And now... back to the world of animal sayings! Since I had done a saying about a donkey last time, I thought I would do another donkey saying today. This saying is very charming because it depends on the fact that a donkey is a singularly unattractive creature - although the donkey remains happily oblivious to this fact, so long as he remains lovely in the eye of another donkey. So too for the much-reviled pig.
I like the fact that this saying takes us all down a peg. There's no accounting for taste, so you might as well live and let live. Let the donkeys be donkeys... even if the non-donkeys find their mutual attraction a bit laughable. It reminds me of all the great humor in the film Planet of the Apes, where the apes try very hard not to think that Charlton Heston and his fellow humans are so terribly ugly! It's all relative and depends, profoundly, on where you stand and what your particular species might be.
There are a number of fables about beauty being in the eye of the beholder, and the one I like best is a medieval fable by Odo of Cheriton about the toad and his son. I've cited this fable in a previous post some months ago, but it is so charming, I think I will cite it again today:
Contigit quod animalia celebraverunt concilium. Bufo misit illuc filium suum. Sed oblitus sotulares suos novos, quaesiuit Bufo aliquod animal velox, qui posset ad concilium accelerare; videbatur sibi quod Lepus bene curreret. Vocavit eum et, mercede constituta, dixit ei quod deferret sotulares novos filio suo. Respondit Lepus: Quomodo potero discernere filium tuum in tali concilio? Dixit Bufo: Ille qui pulcherrimus est inter omnia animalia est filius meus. Dixit Lepus: Numquid Columba uel Pavo est filius tuus? Respondit: Nequaquam, quoniam Columba habet nigras carnes, Pavo turpes pedes. Dixit Lepus: Qualis est igitur filius tuus? Et dixit Bufo: Qui tale habet caput quale est meum, talem ventrem, tales tibias, tales pedes, ille pulcher filius meus. Illi deferas sotulares. Venit Lepus cum sotularibus et narravit Leoni et ceteris bestiis qualiter Bufo pre ceteris filium suum commendavit. Et ait Leo: Si quis amat Ranam, Ranam putat esse Dianam.The lion, of course, is making fun of that toad and his love for his son, just as in today's proverb the donkey and the pig are objects of ridicule. I'm all for the toad and the donkey and the pig, though, because they seem quite well-adjusted and happy, if you ask me!So, hoping you are feeling beautiful in the eyes of your fellow creatures (no matter what the world at large might think), here is today's proverb read out loud:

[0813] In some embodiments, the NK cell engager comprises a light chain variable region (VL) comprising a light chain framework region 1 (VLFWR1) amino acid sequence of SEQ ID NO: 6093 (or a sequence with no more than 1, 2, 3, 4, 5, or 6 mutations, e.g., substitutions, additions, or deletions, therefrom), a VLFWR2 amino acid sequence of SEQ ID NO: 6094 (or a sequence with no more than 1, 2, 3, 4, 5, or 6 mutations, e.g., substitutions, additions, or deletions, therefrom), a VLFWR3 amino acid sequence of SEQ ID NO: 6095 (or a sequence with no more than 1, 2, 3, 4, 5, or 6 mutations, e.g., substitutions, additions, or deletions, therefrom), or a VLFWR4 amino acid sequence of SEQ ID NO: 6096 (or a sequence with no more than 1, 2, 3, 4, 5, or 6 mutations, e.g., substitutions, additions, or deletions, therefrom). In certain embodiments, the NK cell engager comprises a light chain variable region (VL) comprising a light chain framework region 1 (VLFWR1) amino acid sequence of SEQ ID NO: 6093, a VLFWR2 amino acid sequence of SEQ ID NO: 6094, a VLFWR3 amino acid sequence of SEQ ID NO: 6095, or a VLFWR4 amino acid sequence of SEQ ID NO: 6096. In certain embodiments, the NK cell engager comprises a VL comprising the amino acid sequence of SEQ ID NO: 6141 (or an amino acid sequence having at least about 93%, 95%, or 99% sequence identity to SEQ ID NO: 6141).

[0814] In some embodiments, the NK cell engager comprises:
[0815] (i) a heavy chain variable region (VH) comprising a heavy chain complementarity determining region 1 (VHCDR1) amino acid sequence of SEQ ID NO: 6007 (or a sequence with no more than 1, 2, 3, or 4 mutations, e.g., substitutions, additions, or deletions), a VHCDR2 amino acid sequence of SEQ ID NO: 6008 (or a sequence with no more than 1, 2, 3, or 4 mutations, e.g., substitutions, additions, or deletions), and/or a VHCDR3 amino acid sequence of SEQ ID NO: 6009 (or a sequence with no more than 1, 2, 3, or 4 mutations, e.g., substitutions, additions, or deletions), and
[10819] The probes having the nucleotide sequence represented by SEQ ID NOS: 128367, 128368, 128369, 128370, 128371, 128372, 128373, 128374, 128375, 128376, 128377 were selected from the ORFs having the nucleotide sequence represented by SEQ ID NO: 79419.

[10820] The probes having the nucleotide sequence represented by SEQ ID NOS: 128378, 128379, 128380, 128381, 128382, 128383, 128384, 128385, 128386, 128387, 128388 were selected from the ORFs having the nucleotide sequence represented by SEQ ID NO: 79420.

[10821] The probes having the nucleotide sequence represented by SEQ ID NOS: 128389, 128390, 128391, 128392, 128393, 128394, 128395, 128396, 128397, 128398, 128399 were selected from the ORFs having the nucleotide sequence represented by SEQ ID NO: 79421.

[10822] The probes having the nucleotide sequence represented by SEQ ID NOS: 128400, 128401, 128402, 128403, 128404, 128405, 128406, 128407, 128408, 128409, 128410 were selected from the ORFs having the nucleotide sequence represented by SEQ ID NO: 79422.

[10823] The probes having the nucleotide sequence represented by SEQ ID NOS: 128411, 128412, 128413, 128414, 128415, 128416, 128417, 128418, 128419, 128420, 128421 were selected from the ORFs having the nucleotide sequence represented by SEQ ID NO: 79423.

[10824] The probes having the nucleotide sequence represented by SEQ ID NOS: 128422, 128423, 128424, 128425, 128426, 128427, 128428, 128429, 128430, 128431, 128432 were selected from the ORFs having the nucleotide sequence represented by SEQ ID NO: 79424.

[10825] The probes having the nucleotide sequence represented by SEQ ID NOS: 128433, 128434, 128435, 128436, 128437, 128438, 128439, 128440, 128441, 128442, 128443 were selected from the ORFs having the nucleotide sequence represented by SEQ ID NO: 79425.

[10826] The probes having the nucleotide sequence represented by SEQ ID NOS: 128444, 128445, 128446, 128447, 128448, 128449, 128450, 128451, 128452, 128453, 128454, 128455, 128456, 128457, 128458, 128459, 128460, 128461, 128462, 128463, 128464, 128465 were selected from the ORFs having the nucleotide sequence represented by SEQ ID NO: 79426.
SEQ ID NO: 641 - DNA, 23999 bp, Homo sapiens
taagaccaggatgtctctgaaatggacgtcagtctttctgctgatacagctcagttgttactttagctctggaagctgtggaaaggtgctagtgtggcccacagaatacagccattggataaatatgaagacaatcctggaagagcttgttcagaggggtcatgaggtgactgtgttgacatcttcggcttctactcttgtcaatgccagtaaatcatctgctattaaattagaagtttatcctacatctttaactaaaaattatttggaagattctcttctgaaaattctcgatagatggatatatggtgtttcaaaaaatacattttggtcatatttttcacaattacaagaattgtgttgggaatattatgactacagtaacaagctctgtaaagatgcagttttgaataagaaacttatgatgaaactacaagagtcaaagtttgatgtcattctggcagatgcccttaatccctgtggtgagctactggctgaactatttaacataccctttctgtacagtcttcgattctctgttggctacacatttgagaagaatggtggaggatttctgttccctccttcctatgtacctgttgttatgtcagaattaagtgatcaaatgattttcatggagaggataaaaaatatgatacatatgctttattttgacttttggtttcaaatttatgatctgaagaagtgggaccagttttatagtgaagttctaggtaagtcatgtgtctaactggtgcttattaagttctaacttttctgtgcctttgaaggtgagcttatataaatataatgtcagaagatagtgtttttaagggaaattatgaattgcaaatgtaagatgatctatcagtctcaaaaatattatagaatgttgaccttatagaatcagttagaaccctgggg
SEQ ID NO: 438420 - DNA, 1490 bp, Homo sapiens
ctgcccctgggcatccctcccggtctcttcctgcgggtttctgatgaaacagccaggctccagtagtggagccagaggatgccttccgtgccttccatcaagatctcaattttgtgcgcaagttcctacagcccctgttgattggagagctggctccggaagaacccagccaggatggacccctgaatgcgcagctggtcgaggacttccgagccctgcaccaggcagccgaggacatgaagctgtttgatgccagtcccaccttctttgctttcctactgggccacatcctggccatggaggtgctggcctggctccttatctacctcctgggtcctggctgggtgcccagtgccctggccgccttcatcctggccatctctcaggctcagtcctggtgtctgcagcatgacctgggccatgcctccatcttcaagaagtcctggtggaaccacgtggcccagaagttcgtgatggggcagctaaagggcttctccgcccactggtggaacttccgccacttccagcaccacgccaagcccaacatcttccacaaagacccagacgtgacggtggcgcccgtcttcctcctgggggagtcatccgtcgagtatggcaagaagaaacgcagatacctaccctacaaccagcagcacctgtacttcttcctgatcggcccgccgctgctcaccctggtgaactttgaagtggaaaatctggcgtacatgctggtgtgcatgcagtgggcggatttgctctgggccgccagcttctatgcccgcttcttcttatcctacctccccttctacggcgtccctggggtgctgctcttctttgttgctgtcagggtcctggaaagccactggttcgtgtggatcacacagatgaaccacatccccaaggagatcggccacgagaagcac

It once happened that the animals were holding a council. The toad sent his son there, but his son forgot his new shoes, so the toad sought some fast animal who could hurry to the council. It seemed to the toad that the rabbit could run quickly so he summoned the rabbit and, having a reward had been agreed upon, he told the rabbit to take the new shoes to his son. The rabbit replied, "How will I be able to recognize your son in such a council?" The toad said, "The one who is the most beautiful among all the animals is my son." The rabbit said, "So is the dove or the peacock your son?" The toad replied, "Not at all! The dove has black flesh and the peacock has ugly feet." The rabbit said, "What is your son like then?" And the toad said, "The one who has a head like mine and a belly like mine, and legs and feet like mine, that good-looking creature is my son. You should take the shoes to him." The rabbit came with the shoes and told the lion and the other beasts that the toad had praised his son more highly than all the others. And the lion said, "If someone loves a frog, he thinks that frog is the goddess of love."
331. Asinus asino et sus sui pulcher.
The number here is the number for this proverb in Latin Via Proverbs: 4000 Proverbs, Mottoes and Sayings for Students of Latin.
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